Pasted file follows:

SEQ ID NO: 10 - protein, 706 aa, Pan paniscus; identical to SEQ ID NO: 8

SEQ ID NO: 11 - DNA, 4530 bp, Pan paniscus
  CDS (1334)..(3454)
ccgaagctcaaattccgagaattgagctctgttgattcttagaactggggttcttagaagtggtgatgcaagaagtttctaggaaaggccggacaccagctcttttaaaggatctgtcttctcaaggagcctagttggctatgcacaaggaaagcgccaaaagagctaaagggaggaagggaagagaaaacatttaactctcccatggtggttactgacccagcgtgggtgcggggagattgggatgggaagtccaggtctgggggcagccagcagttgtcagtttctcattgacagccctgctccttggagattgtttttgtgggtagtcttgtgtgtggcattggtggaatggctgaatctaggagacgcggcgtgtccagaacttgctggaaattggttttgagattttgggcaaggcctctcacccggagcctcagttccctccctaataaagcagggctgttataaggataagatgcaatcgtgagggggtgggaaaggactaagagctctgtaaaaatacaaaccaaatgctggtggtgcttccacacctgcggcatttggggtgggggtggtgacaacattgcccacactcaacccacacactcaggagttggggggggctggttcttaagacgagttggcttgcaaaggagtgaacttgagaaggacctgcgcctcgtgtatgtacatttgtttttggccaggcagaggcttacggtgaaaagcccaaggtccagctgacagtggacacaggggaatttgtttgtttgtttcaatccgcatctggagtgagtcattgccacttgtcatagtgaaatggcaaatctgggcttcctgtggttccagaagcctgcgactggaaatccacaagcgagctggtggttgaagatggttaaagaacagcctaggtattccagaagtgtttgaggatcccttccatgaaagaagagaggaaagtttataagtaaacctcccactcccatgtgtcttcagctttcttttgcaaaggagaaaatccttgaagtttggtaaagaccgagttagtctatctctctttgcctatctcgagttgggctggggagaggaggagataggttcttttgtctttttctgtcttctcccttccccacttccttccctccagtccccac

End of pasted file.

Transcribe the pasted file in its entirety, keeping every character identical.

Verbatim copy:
SEQ ID NO: 10 - protein, 706 aa, Pan paniscus; identical to SEQ ID NO: 8

SEQ ID NO: 11 - DNA, 4530 bp, Pan paniscus
  CDS (1334)..(3454)
ccgaagctcaaattccgagaattgagctctgttgattcttagaactggggttcttagaagtggtgatgcaagaagtttctaggaaaggccggacaccagctcttttaaaggatctgtcttctcaaggagcctagttggctatgcacaaggaaagcgccaaaagagctaaagggaggaagggaagagaaaacatttaactctcccatggtggttactgacccagcgtgggtgcggggagattgggatgggaagtccaggtctgggggcagccagcagttgtcagtttctcattgacagccctgctccttggagattgtttttgtgggtagtcttgtgtgtggcattggtggaatggctgaatctaggagacgcggcgtgtccagaacttgctggaaattggttttgagattttgggcaaggcctctcacccggagcctcagttccctccctaataaagcagggctgttataaggataagatgcaatcgtgagggggtgggaaaggactaagagctctgtaaaaatacaaaccaaatgctggtggtgcttccacacctgcggcatttggggtgggggtggtgacaacattgcccacactcaacccacacactcaggagttggggggggctggttcttaagacgagttggcttgcaaaggagtgaacttgagaaggacctgcgcctcgtgtatgtacatttgtttttggccaggcagaggcttacggtgaaaagcccaaggtccagctgacagtggacacaggggaatttgtttgtttgtttcaatccgcatctggagtgagtcattgccacttgtcatagtgaaatggcaaatctgggcttcctgtggttccagaagcctgcgactggaaatccacaagcgagctggtggttgaagatggttaaagaacagcctaggtattccagaagtgtttgaggatcccttccatgaaagaagagaggaaagtttataagtaaacctcccactcccatgtgtcttcagctttcttttgcaaaggagaaaatccttgaagtttggtaaagaccgagttagtctatctctctttgcctatctcgagttgggctggggagaggaggagataggttcttttgtctttttctgtcttctcccttccccacttccttccctccagtccccac